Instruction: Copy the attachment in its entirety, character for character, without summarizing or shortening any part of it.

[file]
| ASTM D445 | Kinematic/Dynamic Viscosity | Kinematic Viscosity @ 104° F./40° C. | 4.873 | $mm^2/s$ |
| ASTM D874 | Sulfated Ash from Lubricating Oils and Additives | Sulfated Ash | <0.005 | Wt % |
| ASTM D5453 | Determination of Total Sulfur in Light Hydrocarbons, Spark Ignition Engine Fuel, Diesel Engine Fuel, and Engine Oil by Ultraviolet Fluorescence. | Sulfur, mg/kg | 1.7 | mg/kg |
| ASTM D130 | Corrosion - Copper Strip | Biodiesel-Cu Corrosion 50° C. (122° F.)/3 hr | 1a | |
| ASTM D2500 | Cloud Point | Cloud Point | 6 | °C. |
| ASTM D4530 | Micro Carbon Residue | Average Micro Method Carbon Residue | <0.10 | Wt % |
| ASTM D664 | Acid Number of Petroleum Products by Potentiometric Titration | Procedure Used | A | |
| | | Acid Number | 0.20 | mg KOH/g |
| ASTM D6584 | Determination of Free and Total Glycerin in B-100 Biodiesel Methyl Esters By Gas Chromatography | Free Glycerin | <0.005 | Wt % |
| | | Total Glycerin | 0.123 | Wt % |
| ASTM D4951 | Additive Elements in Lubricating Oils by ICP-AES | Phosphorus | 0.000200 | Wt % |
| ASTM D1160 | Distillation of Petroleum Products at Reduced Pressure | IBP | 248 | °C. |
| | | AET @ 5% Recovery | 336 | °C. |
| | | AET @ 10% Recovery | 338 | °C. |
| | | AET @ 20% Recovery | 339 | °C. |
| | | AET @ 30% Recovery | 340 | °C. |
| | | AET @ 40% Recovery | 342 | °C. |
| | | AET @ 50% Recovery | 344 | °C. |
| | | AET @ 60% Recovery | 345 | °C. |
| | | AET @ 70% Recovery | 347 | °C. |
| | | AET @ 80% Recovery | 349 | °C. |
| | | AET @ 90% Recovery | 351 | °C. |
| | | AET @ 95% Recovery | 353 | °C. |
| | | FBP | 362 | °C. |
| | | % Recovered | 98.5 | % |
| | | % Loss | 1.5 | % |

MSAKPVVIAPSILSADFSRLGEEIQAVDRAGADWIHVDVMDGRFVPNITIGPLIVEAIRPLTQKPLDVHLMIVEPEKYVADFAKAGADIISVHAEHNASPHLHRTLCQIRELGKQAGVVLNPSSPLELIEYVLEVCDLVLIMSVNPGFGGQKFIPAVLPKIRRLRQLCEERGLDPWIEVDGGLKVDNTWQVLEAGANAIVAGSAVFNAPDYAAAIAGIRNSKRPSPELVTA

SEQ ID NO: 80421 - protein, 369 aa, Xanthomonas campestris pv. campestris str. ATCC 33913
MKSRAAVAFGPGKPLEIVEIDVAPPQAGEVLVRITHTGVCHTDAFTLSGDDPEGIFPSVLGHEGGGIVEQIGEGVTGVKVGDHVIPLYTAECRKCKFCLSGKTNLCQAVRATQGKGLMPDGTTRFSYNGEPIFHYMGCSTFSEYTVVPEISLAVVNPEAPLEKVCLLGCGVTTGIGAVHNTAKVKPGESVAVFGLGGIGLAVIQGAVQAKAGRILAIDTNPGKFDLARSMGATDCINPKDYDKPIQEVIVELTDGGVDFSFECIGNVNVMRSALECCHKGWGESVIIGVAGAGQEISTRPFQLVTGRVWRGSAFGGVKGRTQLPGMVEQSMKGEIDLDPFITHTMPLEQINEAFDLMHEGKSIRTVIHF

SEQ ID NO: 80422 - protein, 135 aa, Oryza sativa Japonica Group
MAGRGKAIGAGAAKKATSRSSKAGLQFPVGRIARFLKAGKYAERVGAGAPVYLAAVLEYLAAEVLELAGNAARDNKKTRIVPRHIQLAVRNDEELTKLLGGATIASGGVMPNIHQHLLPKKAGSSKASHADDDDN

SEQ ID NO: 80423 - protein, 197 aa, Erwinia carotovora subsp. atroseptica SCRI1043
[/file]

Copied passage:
| ASTM D445 | Kinematic/Dynamic Viscosity | Kinematic Viscosity @ 104° F./40° C. | 4.873 | $mm^2/s$ |
| ASTM D874 | Sulfated Ash from Lubricating Oils and Additives | Sulfated Ash | <0.005 | Wt % |
| ASTM D5453 | Determination of Total Sulfur in Light Hydrocarbons, Spark Ignition Engine Fuel, Diesel Engine Fuel, and Engine Oil by Ultraviolet Fluorescence. | Sulfur, mg/kg | 1.7 | mg/kg |
| ASTM D130 | Corrosion - Copper Strip | Biodiesel-Cu Corrosion 50° C. (122° F.)/3 hr | 1a | |
| ASTM D2500 | Cloud Point | Cloud Point | 6 | °C. |
| ASTM D4530 | Micro Carbon Residue | Average Micro Method Carbon Residue | <0.10 | Wt % |
| ASTM D664 | Acid Number of Petroleum Products by Potentiometric Titration | Procedure Used | A | |
| | | Acid Number | 0.20 | mg KOH/g |
| ASTM D6584 | Determination of Free and Total Glycerin in B-100 Biodiesel Methyl Esters By Gas Chromatography | Free Glycerin | <0.005 | Wt % |
| | | Total Glycerin | 0.123 | Wt % |
| ASTM D4951 | Additive Elements in Lubricating Oils by ICP-AES | Phosphorus | 0.000200 | Wt % |
| ASTM D1160 | Distillation of Petroleum Products at Reduced Pressure | IBP | 248 | °C. |
| | | AET @ 5% Recovery | 336 | °C. |
| | | AET @ 10% Recovery | 338 | °C. |
| | | AET @ 20% Recovery | 339 | °C. |
| | | AET @ 30% Recovery | 340 | °C. |
| | | AET @ 40% Recovery | 342 | °C. |
| | | AET @ 50% Recovery | 344 | °C. |
| | | AET @ 60% Recovery | 345 | °C. |
| | | AET @ 70% Recovery | 347 | °C. |
| | | AET @ 80% Recovery | 349 | °C. |
| | | AET @ 90% Recovery | 351 | °C. |
| | | AET @ 95% Recovery | 353 | °C. |
| | | FBP | 362 | °C. |
| | | % Recovered | 98.5 | % |
| | | % Loss | 1.5 | % |

MSAKPVVIAPSILSADFSRLGEEIQAVDRAGADWIHVDVMDGRFVPNITIGPLIVEAIRPLTQKPLDVHLMIVEPEKYVADFAKAGADIISVHAEHNASPHLHRTLCQIRELGKQAGVVLNPSSPLELIEYVLEVCDLVLIMSVNPGFGGQKFIPAVLPKIRRLRQLCEERGLDPWIEVDGGLKVDNTWQVLEAGANAIVAGSAVFNAPDYAAAIAGIRNSKRPSPELVTA

SEQ ID NO: 80421 - protein, 369 aa, Xanthomonas campestris pv. campestris str. ATCC 33913
MKSRAAVAFGPGKPLEIVEIDVAPPQAGEVLVRITHTGVCHTDAFTLSGDDPEGIFPSVLGHEGGGIVEQIGEGVTGVKVGDHVIPLYTAECRKCKFCLSGKTNLCQAVRATQGKGLMPDGTTRFSYNGEPIFHYMGCSTFSEYTVVPEISLAVVNPEAPLEKVCLLGCGVTTGIGAVHNTAKVKPGESVAVFGLGGIGLAVIQGAVQAKAGRILAIDTNPGKFDLARSMGATDCINPKDYDKPIQEVIVELTDGGVDFSFECIGNVNVMRSALECCHKGWGESVIIGVAGAGQEISTRPFQLVTGRVWRGSAFGGVKGRTQLPGMVEQSMKGEIDLDPFITHTMPLEQINEAFDLMHEGKSIRTVIHF

SEQ ID NO: 80422 - protein, 135 aa, Oryza sativa Japonica Group
MAGRGKAIGAGAAKKATSRSSKAGLQFPVGRIARFLKAGKYAERVGAGAPVYLAAVLEYLAAEVLELAGNAARDNKKTRIVPRHIQLAVRNDEELTKLLGGATIASGGVMPNIHQHLLPKKAGSSKASHADDDDN

SEQ ID NO: 80423 - protein, 197 aa, Erwinia carotovora subsp. atroseptica SCRI1043